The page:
It’s well known that Fedora ships free software only, except for some firmware in order to boot. But unlike Debian that has a non-free repository, Fedora offers no options to those who want to install closed source software. This is because of legal issues; as Fedora relies on Red Hat Enterprise they have to follow the same rules and Red Hat, as a USA based company, has to avoid everything related to copyright.
This is why Fedora never shipped codecs except those that are open source. People who want to listen to their usual music files have to install some third party software or repository to get them working.
Every audio and video format needs two sets of codecs: for decoding and for encoding.
Patents don’t cover the file format itself, but the codecs you need to process it. This means that every file format has two patents, one for decoders and another for encoders.
Encoding means you’re editing a file and saving it in a specific format. Examples of this are the use of Audacity and KDEnlive.
Decoding means you’re listening or watching a file without modifying it. Examples of this are the use of Totem and Clementine.
The good news are that the patents for encoding and decoding MP3 and AC3 had expired, and Cisco made an agreement with RH related to H264, so now it is legally possible for Fedora to offer these codecs from repositories.
This means that those who install Fedora 25 will be able to listen to their music out of the box and can install the codecs needed for editing music from repositories. Those who installed Fedora 24 can install the codecs from repositories as well, if they didn’t install them via third party. And those who will install Fedora 26 will get all the codecs for free out of the box!
Happy listening, Fedorians and thanks for reading!
This is a translated and enhanced version of a Spanish article posted on Desde Linux.
Mixxx is a recording and DJ console. Works with different formats and allow you to do interesting things with your songs. It is in its 2.0 version and it’s available from repos in Fedora as well as other distributions.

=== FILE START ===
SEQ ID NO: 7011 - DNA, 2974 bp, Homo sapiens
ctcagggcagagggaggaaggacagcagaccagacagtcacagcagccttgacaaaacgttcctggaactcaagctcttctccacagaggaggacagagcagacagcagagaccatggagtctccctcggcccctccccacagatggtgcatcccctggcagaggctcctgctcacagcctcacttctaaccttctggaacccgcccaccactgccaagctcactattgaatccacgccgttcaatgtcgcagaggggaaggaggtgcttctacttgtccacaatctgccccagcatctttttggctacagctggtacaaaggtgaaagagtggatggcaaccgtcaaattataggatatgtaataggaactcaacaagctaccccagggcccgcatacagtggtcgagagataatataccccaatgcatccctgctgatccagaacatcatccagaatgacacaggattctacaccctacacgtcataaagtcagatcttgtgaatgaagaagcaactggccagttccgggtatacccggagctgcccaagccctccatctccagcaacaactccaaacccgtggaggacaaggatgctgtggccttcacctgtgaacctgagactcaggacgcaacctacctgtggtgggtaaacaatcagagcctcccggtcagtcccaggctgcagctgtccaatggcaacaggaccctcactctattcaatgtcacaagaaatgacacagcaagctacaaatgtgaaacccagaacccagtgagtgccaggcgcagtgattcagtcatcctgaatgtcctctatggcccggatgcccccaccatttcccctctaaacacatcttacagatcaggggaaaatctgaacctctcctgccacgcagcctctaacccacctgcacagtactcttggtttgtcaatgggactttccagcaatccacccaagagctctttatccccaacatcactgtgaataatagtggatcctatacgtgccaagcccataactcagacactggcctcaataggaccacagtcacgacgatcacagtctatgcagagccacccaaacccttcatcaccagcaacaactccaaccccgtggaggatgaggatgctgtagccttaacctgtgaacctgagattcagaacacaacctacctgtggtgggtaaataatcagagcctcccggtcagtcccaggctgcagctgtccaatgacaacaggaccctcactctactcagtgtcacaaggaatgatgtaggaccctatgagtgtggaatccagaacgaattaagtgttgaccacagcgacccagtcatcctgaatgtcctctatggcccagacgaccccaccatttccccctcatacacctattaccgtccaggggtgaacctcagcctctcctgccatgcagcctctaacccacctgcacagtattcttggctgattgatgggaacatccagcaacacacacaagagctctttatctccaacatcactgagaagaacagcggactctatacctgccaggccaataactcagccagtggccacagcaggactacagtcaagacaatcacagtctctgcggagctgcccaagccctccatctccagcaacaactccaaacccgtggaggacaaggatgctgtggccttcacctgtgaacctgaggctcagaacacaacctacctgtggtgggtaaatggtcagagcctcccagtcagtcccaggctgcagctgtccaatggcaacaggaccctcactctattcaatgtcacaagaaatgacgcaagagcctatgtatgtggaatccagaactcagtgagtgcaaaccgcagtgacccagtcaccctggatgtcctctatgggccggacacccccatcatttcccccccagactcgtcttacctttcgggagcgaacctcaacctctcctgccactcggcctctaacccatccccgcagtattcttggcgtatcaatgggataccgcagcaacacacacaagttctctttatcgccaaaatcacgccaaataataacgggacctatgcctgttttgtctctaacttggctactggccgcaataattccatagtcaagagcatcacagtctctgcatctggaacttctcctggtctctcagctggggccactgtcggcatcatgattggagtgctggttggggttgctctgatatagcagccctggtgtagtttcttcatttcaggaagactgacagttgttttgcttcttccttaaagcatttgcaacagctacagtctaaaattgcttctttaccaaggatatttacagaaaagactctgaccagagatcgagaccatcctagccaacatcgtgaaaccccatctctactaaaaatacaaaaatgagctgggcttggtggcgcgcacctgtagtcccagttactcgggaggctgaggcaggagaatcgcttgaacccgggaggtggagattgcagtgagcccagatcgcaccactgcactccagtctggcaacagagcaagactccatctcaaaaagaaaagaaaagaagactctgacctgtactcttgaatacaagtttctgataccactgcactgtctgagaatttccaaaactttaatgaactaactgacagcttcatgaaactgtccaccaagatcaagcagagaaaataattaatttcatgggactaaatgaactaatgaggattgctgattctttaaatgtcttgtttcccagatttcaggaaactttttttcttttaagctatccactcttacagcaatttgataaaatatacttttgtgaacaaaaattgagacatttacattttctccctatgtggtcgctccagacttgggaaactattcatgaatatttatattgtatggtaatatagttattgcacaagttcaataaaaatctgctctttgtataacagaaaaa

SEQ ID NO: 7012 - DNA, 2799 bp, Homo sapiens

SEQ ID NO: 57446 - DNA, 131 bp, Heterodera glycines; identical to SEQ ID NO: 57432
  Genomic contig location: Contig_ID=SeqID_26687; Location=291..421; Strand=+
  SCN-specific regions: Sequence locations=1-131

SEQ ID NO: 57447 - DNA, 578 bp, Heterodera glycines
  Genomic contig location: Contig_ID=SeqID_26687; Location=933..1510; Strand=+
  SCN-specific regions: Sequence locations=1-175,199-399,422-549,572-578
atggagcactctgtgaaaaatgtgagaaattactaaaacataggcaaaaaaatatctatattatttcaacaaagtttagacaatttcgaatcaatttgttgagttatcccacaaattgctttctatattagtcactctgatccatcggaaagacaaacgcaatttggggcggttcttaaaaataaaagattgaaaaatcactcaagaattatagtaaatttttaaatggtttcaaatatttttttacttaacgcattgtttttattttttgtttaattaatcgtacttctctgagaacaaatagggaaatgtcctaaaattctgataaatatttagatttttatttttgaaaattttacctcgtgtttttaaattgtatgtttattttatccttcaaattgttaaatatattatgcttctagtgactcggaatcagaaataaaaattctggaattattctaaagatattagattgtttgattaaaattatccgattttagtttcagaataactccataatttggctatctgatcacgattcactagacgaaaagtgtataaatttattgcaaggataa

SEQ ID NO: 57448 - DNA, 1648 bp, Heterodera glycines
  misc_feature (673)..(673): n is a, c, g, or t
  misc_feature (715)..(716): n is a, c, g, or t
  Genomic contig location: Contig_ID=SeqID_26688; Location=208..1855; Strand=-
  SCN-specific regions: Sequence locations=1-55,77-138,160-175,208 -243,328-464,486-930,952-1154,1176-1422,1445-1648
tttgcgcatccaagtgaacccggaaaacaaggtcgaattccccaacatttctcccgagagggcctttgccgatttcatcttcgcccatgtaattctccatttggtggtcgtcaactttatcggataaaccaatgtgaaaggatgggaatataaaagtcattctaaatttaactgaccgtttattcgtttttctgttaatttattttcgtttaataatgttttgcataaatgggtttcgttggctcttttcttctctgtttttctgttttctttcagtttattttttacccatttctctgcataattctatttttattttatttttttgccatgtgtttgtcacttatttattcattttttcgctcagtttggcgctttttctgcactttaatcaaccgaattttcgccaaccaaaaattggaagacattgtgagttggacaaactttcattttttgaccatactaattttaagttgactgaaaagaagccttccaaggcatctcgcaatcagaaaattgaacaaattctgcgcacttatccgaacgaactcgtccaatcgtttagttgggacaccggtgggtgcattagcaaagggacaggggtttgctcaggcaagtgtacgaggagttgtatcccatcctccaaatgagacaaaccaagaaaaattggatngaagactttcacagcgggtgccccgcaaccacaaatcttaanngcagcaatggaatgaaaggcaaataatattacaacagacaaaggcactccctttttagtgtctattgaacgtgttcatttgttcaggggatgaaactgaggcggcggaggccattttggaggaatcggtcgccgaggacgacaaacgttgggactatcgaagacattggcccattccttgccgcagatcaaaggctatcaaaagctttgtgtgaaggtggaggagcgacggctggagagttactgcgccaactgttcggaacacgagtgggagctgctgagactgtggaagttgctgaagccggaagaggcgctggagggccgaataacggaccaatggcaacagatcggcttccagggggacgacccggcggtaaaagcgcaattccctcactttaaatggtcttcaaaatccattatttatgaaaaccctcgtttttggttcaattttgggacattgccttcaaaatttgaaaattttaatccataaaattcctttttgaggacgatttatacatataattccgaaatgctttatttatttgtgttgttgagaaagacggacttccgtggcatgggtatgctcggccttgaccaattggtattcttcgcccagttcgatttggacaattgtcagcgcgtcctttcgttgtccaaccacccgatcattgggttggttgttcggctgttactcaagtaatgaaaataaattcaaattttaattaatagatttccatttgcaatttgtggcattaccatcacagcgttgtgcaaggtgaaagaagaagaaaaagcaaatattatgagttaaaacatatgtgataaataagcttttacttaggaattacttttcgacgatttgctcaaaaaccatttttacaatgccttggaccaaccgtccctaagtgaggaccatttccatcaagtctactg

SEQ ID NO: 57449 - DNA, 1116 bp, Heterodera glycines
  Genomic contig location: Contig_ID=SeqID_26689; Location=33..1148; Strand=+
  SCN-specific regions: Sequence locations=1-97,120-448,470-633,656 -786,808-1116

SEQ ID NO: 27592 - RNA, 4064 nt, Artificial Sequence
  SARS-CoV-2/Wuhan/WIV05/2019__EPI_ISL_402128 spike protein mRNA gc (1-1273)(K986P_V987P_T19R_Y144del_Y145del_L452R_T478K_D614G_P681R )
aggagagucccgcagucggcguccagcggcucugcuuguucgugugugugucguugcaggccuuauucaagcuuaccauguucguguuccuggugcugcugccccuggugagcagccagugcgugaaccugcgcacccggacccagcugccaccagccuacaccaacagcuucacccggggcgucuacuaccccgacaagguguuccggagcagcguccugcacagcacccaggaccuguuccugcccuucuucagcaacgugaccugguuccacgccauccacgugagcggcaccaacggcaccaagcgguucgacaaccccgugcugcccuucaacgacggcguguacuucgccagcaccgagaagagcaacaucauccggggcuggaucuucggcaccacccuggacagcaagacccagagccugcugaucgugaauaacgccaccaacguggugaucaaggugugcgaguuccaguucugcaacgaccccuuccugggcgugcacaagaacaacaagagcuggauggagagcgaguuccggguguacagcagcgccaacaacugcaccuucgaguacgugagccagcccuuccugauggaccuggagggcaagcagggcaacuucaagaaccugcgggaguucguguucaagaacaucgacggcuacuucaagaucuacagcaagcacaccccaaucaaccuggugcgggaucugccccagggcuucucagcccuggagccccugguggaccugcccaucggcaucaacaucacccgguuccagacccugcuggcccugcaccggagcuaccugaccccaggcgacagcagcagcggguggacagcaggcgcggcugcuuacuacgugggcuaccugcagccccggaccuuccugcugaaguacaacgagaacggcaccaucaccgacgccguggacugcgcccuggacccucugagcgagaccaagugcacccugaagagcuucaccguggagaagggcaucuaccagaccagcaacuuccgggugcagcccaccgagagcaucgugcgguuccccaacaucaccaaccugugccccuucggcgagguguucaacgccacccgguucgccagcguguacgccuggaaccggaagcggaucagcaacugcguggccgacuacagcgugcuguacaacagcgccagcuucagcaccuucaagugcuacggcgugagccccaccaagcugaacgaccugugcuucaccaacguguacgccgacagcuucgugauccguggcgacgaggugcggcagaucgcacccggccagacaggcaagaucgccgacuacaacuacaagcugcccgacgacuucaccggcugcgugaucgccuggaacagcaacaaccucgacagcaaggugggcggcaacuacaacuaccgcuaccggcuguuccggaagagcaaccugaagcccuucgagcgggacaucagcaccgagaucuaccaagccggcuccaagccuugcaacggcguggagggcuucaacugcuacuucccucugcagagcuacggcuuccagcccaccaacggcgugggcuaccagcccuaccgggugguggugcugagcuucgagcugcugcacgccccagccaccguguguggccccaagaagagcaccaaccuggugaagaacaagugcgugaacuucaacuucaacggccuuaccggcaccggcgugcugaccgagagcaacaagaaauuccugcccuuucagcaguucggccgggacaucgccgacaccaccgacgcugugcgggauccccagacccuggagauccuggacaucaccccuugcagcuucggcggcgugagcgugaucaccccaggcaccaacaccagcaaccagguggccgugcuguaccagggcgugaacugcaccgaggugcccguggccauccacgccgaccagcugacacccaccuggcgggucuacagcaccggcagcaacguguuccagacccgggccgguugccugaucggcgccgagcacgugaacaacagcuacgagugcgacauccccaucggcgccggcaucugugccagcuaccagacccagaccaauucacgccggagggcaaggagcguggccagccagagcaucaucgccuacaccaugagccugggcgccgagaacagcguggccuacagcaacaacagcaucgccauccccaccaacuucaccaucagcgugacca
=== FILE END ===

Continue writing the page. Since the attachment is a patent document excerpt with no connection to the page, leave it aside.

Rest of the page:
This second version comes with these features:
Dynamic and scalable skins: You can show or hide any part or tool in the programme you need.
MasterSync : You can align all the tracks even if you’re modifying the speed on one of them.
New effects: Every channel has its own separated mixing effects.
RGB waveforms: inside a waveform you can identify different sounds, each one with its own pitch, bass, vocal and so on.
Cover/artworks reading: you can visualize any artwork coming with the music or added later.
Parallel or split scratchable waveform displays
Spinning vinyl widgets
MP3, OGG, WAVE, M4A / AAC, Opus, and FLAC playback
Extra playback formats through plugins
Fast, database-powered library
Shoutcast and Icecast broadcasting
4 Microphone Inputs
4 Auxiliary Inputs
Automatic crossfading with Auto DJ
Crates and playlists
Reads iTunes, Traktor, Banshee and Rhythmbox libraries
Track metadata lookup from MusicBrainz
Pitch-independent time stretch (key lock)
Speed-neutral musical key adjustment
Quantized loops, hot cues, and beatloops
4-deck Master Sync and auto-beatmatching
4 Sampler Decks
Wave and Ogg recording with optional MP3 support.
BPM detection and estimation
Bulk BPM analysis
Multichannel soundcard support (playback and capture)